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Deja Vu
19 February, 2010  

Justinian remembers … Nicolas Cowdery’s famous blast about the inward-looking, mean-spirited and reactionary leadership of the legal profession … The Babette Smith affair, or how not to sack a CEO of the Bar ‘n’ Grill … Bad blood runs freely … All from our hard copy archive

Bad boy Bubba

From Justinian, September 1997

Little wonder that David Bennett, Czar of the Sydney Bar, lashed out at NSW DPP Nicholas Cowdery.

Cowdery gave a stirring speech to the St James Ethics Centre, in which he said:

* The commitment of lawyers to the service of the community was suspect and altruism was waning;

* The legal profession associations are parochial, mean spirited, inward looking and reactionary;

* Solicitors have often allowed their allegiances to their clients to turn into obedience and servility;

* The mind set of lawyers is the greatest obstacle to increased fairness in the legal system.

Only a very select few would have found anything remarkable or upsetting in those observations.

However, Bennett declared that Cowdery’s remarks were “facile and silly” and that perhaps he didn’t think enough about it when preparing his speech.

Needless to say, the response of NSW Law Society President, Mr Vanity Fair (aged 13-and-a-half), underscored precisely the point that Cowdery was making.

Vanity said there was nothing of worth in the speech and that it was just “an out-of-date grab for attention”.

Cowdery, he stamped, needed to cite statistics if he was going to attack lawyers and the Law Society.

What must have made the whole episode such a sore point for Bennett is that the DPP began his speech by saying it was Babette Smith who had asked him to deliver this lecture and it is “with her service to the bar in mind that I do so”.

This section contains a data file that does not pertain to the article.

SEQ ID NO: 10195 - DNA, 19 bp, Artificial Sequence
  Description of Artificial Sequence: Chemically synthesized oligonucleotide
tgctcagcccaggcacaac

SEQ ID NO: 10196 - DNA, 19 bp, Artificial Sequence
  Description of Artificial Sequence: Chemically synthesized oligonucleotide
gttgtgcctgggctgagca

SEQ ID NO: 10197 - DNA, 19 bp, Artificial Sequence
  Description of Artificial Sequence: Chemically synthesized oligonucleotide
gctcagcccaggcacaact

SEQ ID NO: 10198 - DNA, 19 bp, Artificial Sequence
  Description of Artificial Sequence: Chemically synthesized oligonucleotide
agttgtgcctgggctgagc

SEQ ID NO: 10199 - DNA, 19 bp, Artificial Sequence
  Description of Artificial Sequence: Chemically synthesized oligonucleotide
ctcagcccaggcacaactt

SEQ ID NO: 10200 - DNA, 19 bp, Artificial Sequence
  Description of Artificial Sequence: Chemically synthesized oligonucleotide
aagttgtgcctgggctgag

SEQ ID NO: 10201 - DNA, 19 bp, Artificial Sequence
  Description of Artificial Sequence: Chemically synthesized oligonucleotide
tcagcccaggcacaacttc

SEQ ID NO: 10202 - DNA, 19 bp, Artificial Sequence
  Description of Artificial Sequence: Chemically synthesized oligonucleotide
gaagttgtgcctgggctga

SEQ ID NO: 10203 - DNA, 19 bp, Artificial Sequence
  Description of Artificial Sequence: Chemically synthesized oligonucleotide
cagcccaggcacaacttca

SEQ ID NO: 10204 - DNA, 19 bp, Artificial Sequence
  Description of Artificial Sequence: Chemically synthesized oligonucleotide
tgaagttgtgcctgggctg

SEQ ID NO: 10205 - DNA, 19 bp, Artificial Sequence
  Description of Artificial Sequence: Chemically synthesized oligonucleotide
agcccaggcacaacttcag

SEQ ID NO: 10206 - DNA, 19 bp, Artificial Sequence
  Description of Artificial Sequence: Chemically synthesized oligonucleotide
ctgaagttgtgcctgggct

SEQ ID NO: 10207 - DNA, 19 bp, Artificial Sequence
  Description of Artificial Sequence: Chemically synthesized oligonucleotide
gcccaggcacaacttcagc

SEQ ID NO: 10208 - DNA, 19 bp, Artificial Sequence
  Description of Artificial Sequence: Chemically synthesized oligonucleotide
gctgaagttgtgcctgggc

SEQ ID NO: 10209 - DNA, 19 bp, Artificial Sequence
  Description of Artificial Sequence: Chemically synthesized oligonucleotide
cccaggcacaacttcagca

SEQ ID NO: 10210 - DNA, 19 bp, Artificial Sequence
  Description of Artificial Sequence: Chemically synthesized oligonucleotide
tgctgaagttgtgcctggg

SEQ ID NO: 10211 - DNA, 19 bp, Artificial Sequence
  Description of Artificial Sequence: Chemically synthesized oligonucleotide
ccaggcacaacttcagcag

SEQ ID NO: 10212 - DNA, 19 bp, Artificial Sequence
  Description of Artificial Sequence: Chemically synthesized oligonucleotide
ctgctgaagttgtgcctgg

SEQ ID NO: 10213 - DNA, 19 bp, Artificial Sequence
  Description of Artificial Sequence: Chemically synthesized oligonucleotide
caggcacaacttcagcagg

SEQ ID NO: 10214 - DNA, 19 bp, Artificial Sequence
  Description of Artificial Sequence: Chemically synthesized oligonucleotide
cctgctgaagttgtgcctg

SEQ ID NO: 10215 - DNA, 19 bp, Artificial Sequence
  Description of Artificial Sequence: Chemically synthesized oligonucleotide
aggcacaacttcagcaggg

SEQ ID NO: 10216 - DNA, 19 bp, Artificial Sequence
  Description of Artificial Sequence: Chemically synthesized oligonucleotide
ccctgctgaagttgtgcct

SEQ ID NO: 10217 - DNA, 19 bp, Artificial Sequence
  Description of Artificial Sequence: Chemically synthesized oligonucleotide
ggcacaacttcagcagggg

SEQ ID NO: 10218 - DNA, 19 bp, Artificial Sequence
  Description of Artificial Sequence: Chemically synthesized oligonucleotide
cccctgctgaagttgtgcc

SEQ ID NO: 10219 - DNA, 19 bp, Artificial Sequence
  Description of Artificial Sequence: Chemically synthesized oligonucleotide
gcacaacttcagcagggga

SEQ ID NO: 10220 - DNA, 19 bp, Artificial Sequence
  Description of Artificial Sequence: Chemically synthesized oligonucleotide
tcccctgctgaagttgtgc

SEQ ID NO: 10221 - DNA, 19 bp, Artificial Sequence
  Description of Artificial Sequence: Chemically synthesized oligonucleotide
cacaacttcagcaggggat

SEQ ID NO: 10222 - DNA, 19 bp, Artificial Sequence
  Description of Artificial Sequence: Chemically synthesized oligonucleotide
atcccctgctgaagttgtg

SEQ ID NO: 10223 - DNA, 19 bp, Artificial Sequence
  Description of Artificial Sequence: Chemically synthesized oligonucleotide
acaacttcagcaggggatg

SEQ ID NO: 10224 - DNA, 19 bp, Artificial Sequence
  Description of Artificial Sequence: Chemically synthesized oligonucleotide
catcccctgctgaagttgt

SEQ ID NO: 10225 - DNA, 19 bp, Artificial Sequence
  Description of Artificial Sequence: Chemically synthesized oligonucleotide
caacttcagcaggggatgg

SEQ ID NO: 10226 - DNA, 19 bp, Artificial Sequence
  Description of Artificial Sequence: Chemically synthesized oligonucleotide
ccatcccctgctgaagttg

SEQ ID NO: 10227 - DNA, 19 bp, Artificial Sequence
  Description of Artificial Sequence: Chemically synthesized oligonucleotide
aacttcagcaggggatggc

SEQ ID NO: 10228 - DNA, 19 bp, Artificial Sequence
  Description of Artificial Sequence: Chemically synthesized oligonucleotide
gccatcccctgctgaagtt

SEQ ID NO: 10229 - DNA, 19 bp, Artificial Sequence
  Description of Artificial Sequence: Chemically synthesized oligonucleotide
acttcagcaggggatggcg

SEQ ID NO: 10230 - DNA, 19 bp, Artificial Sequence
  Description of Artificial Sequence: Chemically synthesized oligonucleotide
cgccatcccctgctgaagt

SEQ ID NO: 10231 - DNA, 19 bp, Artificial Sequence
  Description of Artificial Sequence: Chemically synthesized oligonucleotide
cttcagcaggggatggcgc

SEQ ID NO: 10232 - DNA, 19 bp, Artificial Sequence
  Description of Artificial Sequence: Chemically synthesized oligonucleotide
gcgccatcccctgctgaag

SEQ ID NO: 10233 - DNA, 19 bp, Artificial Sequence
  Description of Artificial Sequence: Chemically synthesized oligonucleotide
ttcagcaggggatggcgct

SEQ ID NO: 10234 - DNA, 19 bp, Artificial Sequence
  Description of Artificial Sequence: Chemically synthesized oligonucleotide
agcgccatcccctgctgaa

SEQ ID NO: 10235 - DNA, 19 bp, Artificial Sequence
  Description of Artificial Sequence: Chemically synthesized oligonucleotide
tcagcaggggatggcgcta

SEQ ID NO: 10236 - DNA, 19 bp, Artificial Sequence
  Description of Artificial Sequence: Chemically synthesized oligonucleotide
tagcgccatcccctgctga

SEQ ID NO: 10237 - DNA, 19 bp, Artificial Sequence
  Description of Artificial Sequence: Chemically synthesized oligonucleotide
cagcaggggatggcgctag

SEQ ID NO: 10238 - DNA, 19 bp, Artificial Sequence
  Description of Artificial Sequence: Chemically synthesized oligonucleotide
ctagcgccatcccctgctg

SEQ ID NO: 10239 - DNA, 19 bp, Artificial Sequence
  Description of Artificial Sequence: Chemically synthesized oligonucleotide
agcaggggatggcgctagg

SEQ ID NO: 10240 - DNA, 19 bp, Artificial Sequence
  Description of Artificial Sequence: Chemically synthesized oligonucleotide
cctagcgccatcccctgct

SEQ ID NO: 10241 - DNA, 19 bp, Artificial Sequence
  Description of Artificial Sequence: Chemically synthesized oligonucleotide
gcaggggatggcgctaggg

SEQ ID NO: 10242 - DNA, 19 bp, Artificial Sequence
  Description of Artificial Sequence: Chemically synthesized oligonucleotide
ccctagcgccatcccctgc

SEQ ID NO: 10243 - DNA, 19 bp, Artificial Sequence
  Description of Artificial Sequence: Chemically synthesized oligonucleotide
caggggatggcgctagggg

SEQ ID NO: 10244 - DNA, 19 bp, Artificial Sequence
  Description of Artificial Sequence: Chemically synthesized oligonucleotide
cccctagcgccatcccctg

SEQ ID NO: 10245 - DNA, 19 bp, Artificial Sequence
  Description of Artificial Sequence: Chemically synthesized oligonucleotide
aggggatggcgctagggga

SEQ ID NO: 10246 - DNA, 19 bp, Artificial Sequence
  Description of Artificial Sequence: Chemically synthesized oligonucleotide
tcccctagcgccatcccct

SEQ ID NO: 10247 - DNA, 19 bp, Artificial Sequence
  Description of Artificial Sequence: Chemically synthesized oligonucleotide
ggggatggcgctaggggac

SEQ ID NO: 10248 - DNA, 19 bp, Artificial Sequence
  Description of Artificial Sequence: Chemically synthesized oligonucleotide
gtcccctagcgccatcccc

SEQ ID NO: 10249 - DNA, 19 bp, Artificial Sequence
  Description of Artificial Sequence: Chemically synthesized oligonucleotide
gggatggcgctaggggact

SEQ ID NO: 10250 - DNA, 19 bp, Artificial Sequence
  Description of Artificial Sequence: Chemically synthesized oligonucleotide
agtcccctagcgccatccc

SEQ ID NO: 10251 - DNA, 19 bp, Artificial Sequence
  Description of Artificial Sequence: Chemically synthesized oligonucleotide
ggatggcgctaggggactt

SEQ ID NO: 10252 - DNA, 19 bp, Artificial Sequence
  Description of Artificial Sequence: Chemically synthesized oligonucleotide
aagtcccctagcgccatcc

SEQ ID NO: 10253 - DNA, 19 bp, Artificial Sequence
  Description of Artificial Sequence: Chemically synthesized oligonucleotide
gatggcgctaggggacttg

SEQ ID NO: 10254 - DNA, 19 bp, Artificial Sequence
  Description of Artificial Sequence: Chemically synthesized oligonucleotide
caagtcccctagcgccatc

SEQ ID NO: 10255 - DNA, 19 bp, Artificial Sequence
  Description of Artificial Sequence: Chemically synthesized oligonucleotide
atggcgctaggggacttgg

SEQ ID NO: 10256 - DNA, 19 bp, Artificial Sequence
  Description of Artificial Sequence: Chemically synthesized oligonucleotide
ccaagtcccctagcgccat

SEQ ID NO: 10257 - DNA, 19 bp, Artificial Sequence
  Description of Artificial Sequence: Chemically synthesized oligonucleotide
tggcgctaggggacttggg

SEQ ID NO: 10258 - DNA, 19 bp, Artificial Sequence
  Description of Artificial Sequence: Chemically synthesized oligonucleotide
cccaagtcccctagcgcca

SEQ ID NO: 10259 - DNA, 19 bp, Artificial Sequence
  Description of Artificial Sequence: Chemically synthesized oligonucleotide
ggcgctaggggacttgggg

Of course, Bennett and his council had not long ago sacked Smith as the chief executive of the Bar Association.

There is still no credible explanation as to why Smith was dismissed, apart from the fact that people on the executive committee didn’t much care for her – in particular Burbidge, Toner and McColl.

She was regarded as too pushy, she did not pay due respect to the egos and sensitivities of the councillors, she did not know her place.

One grumbler said that she wore the wrong coloured clothes to Mason P’s swearing-in a fuschia jacket with a black skirt.

There was talk of poor relations with staff and a spat with the man who ran the grog shop in the bar common room.

The public justification for her dismissal was the “governance” of the Bar Association was being reviewed and therefore she was “superfluous”.

The truth is closer to the proposition that she was on the nose with the dominant faction on the council … so off with her head.

The “Smith issue” had been one of the matters that permeated the last bar council elections.

There was a combined common law, workers comp and criminal law ticket put together by Rick Burbidge.

Some members of the Bar Association must have got the impression that this ticket represented a frisson of hostility towards the chief executive.

This seems the only explanation for the emergence of a circular singed by Ian Barker and other leading criminal lawyers, which said they were not endorsing the Burbidge ticket as representing criminal barristers.

The Barker circular added: